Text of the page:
The ruins of Palenque occupy the top of an escarpment marking the northwestern limit of the Chiapas highlands. Superficially, the site bears a closer resemblance to the Maya sites of Guatemala than to those of the Yucatán, but ultimately the style here is unique – the towered palace and pyramid tomb are like nothing else, as is the abundance of reliefs and inscriptions. The setting, too, is remarkable. Surrounded by jungle-covered hills, Palenque is right at the edge of the great Yucatán plain – climb to the top of any of the structures and you look out over an endless stretch of low, pale-green flatland. If you arrive early enough in the day, the mist still clings to the treetops and the howler monkeys are roaring off in the greenery.
Founded around 100 BC as a farming village, it was four hundred years before Palenque began to flourish, during the Classic period (300–900 AD). Towards the end of this time the city ruled over a large part of modern-day Chiapas and Tabasco, but its peak, when the population is thought to have numbered some 100,000, came during a relatively short period in the seventh century, under two rulers: Hanab Pakal (Jaguar Shield) and Chan Bahlum (Jaguar Serpent). Almost everything you can see (and that’s only a tiny, central part of the original city) dates from this era.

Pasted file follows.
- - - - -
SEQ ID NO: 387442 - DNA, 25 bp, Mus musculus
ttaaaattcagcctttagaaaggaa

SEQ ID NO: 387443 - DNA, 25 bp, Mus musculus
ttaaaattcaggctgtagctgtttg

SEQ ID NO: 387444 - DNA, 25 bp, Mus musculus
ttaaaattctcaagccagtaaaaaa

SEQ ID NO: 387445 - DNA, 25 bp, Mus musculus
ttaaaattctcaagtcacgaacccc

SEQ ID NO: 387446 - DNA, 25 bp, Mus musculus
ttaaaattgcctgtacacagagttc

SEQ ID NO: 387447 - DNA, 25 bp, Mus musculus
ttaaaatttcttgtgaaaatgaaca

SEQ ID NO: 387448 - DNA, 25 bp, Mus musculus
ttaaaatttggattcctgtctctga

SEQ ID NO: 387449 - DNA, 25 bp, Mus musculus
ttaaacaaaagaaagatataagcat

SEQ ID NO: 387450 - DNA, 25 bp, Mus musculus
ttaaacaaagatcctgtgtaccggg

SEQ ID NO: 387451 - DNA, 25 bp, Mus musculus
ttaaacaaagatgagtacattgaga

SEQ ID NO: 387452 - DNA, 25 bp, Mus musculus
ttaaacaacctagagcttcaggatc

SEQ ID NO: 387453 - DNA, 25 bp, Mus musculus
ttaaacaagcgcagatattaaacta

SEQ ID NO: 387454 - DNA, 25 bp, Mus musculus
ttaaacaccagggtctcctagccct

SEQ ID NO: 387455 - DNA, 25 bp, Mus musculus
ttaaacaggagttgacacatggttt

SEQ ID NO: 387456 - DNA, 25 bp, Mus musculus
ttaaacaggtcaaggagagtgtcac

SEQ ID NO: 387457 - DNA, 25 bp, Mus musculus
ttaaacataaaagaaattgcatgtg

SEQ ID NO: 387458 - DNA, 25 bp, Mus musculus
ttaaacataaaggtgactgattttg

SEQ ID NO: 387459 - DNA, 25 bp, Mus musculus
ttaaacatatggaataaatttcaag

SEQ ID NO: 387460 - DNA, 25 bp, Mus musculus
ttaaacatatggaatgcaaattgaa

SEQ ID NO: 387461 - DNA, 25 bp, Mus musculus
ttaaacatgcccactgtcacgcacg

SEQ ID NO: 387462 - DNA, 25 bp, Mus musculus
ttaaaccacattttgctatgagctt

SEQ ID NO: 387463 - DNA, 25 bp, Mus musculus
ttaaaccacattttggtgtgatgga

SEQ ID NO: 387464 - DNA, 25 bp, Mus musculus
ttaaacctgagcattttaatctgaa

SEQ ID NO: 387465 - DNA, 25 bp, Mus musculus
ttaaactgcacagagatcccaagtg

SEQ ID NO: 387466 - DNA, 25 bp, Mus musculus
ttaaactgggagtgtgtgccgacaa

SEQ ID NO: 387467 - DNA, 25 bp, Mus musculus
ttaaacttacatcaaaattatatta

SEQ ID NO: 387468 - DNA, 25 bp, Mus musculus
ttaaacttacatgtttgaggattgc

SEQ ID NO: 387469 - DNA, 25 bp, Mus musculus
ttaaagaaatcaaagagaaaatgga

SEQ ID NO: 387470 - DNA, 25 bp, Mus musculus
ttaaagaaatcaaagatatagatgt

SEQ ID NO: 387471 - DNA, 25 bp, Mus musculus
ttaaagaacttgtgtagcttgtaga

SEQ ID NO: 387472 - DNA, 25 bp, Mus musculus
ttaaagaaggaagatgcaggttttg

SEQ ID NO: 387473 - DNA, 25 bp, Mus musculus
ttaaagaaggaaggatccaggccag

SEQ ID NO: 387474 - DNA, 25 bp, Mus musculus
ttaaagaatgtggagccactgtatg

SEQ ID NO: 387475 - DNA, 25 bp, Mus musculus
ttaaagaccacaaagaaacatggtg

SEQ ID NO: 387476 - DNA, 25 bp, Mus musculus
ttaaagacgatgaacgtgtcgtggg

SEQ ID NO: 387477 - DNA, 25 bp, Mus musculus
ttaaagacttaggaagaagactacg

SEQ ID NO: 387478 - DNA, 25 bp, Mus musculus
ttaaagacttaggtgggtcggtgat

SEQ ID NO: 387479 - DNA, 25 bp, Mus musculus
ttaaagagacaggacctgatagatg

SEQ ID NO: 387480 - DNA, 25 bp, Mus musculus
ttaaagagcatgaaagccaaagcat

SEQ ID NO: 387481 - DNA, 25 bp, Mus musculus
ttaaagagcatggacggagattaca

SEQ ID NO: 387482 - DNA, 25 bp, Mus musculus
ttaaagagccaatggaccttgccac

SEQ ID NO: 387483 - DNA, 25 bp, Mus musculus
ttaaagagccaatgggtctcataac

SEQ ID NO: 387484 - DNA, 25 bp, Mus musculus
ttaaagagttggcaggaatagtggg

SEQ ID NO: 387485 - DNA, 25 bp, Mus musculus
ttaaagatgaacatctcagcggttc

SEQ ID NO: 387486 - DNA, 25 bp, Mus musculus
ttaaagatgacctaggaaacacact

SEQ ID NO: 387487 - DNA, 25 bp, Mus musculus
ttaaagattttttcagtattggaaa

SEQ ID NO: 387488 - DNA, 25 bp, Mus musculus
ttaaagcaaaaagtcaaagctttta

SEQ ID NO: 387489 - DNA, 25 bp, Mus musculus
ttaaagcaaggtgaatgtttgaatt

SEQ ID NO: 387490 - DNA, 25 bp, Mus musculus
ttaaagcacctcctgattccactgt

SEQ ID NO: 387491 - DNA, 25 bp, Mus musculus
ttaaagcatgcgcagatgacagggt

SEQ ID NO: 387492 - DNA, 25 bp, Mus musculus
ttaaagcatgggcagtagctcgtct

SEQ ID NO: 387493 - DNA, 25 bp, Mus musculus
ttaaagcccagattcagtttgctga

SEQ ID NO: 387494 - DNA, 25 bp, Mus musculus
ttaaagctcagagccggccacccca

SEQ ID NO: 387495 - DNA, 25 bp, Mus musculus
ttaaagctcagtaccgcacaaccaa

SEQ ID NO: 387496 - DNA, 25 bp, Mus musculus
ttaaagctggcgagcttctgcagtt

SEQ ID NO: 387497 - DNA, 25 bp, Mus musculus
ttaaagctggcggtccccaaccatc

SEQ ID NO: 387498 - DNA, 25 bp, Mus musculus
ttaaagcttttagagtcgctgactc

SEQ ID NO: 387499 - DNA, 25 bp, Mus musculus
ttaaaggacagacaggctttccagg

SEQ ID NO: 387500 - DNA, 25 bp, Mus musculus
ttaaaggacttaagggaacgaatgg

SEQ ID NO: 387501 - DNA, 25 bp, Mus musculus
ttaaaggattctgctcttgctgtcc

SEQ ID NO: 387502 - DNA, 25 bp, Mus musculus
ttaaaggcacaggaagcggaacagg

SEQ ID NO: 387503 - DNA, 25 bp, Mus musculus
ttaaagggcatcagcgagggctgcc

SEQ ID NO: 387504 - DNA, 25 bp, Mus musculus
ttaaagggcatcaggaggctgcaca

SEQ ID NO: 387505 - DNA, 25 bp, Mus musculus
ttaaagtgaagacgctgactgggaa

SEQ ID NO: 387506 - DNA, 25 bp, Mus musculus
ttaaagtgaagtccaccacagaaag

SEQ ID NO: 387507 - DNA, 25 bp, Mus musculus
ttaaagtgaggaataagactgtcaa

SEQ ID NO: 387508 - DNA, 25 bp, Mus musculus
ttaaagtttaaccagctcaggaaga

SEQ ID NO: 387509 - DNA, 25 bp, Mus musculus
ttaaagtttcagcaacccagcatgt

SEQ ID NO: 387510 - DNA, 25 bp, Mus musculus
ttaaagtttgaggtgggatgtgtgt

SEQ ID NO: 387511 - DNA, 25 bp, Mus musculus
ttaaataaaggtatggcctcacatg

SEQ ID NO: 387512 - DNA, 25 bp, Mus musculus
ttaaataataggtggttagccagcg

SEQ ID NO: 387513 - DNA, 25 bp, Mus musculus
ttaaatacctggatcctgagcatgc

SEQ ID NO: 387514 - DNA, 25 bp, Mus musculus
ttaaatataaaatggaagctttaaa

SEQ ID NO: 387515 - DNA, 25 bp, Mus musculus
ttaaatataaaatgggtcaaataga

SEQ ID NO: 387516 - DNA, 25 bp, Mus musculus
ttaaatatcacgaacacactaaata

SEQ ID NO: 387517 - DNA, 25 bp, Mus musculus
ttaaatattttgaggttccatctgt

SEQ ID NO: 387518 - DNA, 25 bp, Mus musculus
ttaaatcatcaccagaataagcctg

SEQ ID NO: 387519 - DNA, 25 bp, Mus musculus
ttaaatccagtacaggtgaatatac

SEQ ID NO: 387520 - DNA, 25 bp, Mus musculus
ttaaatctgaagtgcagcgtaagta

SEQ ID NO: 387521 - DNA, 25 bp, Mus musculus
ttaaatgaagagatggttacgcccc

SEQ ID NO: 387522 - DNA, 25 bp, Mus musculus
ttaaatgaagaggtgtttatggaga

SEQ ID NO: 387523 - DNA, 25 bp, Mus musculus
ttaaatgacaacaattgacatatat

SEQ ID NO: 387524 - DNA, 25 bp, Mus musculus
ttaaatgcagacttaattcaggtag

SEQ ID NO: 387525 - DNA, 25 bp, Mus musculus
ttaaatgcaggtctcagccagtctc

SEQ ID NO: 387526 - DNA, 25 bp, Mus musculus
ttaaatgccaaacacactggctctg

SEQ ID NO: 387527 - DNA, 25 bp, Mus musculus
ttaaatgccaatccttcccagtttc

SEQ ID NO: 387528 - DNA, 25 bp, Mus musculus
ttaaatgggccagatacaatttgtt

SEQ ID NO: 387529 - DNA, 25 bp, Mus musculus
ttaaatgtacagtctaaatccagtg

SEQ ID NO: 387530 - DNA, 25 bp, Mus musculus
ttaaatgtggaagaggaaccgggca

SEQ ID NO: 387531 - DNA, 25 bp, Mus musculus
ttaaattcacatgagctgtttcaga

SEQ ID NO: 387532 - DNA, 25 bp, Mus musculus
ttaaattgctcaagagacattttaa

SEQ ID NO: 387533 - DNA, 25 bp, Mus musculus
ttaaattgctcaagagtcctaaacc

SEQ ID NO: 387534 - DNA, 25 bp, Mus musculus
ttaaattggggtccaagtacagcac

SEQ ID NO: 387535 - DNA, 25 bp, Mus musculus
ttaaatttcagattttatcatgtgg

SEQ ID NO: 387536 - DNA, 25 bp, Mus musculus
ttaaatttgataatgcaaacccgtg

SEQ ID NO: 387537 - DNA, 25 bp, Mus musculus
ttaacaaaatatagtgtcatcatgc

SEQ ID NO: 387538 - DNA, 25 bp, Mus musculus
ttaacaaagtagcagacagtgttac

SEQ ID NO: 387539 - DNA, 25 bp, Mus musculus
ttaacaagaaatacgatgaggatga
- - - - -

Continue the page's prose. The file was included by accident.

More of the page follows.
El Palacio and around
As you enter the site, El Palacio, with its extraordinary watchtower, stands ahead of you. The path, however, leads to the right, past a row of smaller structures – one of them, the so-called Tumba de la Reina Roja (“Tomb of the Red Queen”), is open inside, and you can climb in to see a sarcophagus still in place. This is nothing, though, compared with the structure’s neighbour, the enormous Templo de las Inscripciones, an eight-step pyramid, 26m high, built up against a thickly overgrown hillside. You are not permitted to climb the pyramid, so you just have to imagine the sanctuary on top, filled with a series of stone panels carved with hieroglyphic inscriptions relating to Palenque’s dynastic history. Deep inside the pyramid is the tomb of Hanab Pakal, or Pakal the Great (615–683 AD). Discovered in 1952, this was the first such pyramid burial found in the Americas, and is still the most important and impressive. Some of the smaller objects found inside – the skeleton and the jade death mask – are on display at the Museo Nacional de Antropología in Mexico City, but the massive, intricately carved stone sarcophagus is still inside; a reproduction is in the site museum.